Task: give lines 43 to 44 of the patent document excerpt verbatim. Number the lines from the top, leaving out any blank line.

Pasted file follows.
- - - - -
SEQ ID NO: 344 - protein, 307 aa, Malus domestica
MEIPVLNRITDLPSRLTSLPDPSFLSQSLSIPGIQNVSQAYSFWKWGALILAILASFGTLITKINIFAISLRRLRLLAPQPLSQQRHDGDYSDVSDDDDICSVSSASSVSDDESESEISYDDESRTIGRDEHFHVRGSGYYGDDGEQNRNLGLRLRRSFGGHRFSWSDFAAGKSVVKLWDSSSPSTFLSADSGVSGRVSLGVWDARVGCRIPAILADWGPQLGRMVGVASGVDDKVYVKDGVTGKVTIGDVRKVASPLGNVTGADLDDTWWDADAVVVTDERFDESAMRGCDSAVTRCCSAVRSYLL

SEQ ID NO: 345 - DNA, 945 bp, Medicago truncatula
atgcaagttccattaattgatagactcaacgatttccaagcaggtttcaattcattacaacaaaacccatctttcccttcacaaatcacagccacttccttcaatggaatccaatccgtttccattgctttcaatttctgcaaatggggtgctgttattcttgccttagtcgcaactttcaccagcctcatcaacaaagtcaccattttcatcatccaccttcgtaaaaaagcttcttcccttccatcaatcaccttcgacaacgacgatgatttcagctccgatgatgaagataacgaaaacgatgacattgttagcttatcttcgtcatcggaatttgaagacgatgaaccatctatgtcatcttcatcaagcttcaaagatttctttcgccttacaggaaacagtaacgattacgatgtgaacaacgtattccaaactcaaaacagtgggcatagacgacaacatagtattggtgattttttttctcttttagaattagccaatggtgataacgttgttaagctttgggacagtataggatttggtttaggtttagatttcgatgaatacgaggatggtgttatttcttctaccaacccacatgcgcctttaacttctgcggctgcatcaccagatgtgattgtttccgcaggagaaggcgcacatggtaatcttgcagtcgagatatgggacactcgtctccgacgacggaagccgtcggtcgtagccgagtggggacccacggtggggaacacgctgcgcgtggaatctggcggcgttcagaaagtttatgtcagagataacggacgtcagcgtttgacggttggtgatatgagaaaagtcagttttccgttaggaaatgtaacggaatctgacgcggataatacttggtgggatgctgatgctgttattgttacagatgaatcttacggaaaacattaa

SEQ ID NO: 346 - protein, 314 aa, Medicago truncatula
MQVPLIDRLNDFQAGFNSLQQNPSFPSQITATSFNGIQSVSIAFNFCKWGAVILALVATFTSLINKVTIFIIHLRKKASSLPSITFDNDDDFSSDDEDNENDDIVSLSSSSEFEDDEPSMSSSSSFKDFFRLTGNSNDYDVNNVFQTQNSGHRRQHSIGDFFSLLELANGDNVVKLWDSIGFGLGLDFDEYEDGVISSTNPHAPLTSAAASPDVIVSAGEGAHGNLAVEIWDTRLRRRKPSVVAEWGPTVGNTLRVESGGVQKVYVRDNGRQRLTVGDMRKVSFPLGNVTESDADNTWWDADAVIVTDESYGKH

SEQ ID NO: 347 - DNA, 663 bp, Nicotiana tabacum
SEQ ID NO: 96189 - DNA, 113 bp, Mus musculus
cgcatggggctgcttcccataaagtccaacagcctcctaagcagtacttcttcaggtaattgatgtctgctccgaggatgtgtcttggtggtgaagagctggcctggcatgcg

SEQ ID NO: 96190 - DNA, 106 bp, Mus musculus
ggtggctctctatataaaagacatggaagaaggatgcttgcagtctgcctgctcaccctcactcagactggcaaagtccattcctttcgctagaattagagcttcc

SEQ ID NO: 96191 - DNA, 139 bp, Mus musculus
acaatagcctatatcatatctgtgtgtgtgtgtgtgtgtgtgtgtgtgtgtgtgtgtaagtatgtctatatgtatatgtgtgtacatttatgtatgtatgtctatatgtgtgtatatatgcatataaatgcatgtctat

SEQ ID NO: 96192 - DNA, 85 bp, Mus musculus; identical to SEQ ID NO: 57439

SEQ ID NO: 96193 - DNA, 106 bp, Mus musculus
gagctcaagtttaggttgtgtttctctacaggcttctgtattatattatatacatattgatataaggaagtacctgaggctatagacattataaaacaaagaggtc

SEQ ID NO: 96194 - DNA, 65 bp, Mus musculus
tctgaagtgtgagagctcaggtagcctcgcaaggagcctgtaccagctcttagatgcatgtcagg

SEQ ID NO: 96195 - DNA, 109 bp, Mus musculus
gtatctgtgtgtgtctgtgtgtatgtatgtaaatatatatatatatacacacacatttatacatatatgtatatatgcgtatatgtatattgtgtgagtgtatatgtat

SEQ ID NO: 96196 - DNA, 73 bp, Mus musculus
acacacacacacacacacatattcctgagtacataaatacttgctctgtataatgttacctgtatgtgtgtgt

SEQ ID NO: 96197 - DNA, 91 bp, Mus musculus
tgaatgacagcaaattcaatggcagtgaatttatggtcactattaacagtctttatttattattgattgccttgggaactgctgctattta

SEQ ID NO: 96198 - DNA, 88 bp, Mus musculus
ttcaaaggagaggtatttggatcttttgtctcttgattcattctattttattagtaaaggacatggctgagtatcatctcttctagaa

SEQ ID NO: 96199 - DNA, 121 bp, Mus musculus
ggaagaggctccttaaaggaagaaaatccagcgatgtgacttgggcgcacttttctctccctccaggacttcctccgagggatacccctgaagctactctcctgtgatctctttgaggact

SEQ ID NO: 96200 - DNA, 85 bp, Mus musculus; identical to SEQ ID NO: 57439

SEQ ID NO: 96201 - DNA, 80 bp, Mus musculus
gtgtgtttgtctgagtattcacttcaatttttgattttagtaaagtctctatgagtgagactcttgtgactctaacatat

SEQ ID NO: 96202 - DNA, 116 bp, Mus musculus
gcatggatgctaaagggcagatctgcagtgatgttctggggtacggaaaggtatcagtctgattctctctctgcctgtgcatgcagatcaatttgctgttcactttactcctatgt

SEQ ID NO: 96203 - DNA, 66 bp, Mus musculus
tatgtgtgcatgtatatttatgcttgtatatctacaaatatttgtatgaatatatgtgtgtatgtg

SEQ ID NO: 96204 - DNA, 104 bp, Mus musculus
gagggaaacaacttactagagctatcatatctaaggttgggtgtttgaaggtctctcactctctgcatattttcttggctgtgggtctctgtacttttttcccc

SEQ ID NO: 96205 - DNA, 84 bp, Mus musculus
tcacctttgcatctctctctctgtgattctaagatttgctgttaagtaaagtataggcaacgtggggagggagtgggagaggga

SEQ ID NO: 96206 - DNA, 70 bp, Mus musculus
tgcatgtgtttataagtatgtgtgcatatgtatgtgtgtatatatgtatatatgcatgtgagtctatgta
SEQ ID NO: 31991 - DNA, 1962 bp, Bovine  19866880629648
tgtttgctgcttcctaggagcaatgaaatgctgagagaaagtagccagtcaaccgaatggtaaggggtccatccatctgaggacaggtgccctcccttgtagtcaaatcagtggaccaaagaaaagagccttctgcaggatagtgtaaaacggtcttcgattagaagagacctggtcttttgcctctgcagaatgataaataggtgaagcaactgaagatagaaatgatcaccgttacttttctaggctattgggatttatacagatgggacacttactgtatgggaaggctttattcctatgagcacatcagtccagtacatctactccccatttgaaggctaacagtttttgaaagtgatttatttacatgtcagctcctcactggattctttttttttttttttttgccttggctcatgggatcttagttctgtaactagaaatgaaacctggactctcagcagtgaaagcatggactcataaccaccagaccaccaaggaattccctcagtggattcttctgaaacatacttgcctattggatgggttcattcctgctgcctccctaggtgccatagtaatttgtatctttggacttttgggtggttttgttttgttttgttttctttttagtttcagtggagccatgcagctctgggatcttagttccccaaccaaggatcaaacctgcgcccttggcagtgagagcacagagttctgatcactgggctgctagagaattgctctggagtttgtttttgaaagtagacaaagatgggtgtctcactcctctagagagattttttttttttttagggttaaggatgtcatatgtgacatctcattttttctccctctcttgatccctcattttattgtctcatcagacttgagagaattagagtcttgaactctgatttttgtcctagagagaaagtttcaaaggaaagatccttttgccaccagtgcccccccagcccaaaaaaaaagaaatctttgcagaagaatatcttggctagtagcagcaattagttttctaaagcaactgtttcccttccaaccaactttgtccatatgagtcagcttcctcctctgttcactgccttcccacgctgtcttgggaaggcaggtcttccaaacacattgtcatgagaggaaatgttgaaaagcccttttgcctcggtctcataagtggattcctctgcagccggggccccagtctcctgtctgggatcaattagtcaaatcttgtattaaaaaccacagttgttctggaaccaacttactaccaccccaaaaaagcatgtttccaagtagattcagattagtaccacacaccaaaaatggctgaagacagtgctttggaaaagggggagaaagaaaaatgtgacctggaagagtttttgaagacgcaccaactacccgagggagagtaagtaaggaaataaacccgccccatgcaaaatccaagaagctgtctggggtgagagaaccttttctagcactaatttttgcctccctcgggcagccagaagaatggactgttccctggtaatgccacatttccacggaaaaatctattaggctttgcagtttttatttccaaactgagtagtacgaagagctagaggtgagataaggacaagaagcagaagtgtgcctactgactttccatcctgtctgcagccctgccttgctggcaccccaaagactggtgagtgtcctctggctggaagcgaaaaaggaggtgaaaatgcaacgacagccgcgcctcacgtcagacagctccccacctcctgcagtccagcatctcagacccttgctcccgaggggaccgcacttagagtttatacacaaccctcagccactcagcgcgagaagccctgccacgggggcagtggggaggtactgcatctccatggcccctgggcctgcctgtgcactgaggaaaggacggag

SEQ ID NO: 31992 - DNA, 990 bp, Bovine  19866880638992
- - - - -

tgtttgctgcttcctaggagcaatgaaatgctgagagaaagtagccagtcaaccgaatggtaaggggtccatccatctgaggacaggtgccctcccttgtagtcaaatcagtggaccaaagaaaagagccttctgcaggatagtgtaaaacggtcttcgattagaagagacctggtcttttgcctctgcagaatgataaataggtgaagcaactgaagatagaaatgatcaccgttacttttctaggctattgggatttatacagatgggacacttactgtatgggaaggctttattcctatgagcacatcagtccagtacatctactccccatttgaaggctaacagtttttgaaagtgatttatttacatgtcagctcctcactggattctttttttttttttttttgccttggctcatgggatcttagttctgtaactagaaatgaaacctggactctcagcagtgaaagcatggactcataaccaccagaccaccaaggaattccctcagtggattcttctgaaacatacttgcctattggatgggttcattcctgctgcctccctaggtgccatagtaatttgtatctttggacttttgggtggttttgttttgttttgttttctttttagtttcagtggagccatgcagctctgggatcttagttccccaaccaaggatcaaacctgcgcccttggcagtgagagcacagagttctgatcactgggctgctagagaattgctctggagtttgtttttgaaagtagacaaagatgggtgtctcactcctctagagagattttttttttttttagggttaaggatgtcatatgtgacatctcattttttctccctctcttgatccctcattttattgtctcatcagacttgagagaattagagtcttgaactctgatttttgtcctagagagaaagtttcaaaggaaagatccttttgccaccagtgcccccccagcccaaaaaaaaagaaatctttgcagaagaatatcttggctagtagcagcaattagttttctaaagcaactgtttcccttccaaccaactttgtccatatgagtcagcttcctcctctgttcactgccttcccacgctgtcttgggaaggcaggtcttccaaacacattgtcatgagaggaaatgttgaaaagcccttttgcctcggtctcataagtggattcctctgcagccggggccccagtctcctgtctgggatcaattagtcaaatcttgtattaaaaaccacagttgttctggaaccaacttactaccaccccaaaaaagcatgtttccaagtagattcagattagtaccacacaccaaaaatggctgaagacagtgctttggaaaagggggagaaagaaaaatgtgacctggaagagtttttgaagacgcaccaactacccgagggagagtaagtaaggaaataaacccgccccatgcaaaatccaagaagctgtctggggtgagagaaccttttctagcactaatttttgcctccctcgggcagccagaagaatggactgttccctggtaatgccacatttccacggaaaaatctattaggctttgcagtttttatttccaaactgagtagtacgaagagctagaggtgagataaggacaagaagcagaagtgtgcctactgactttccatcctgtctgcagccctgccttgctggcaccccaaagactggtgagtgtcctctggctggaagcgaaaaaggaggtgaaaatgcaacgacagccgcgcctcacgtcagacagctccccacctcctgcagtccagcatctcagacccttgctcccgaggggaccgcacttagagtttatacacaaccctcagccactcagcgcgagaagccctgccacgggggcagtggggaggtactgcatctccatggcccctgggcctgcctgtgcactgaggaaaggacggag

SEQ ID NO: 31992 - DNA, 990 bp, Bovine  19866880638992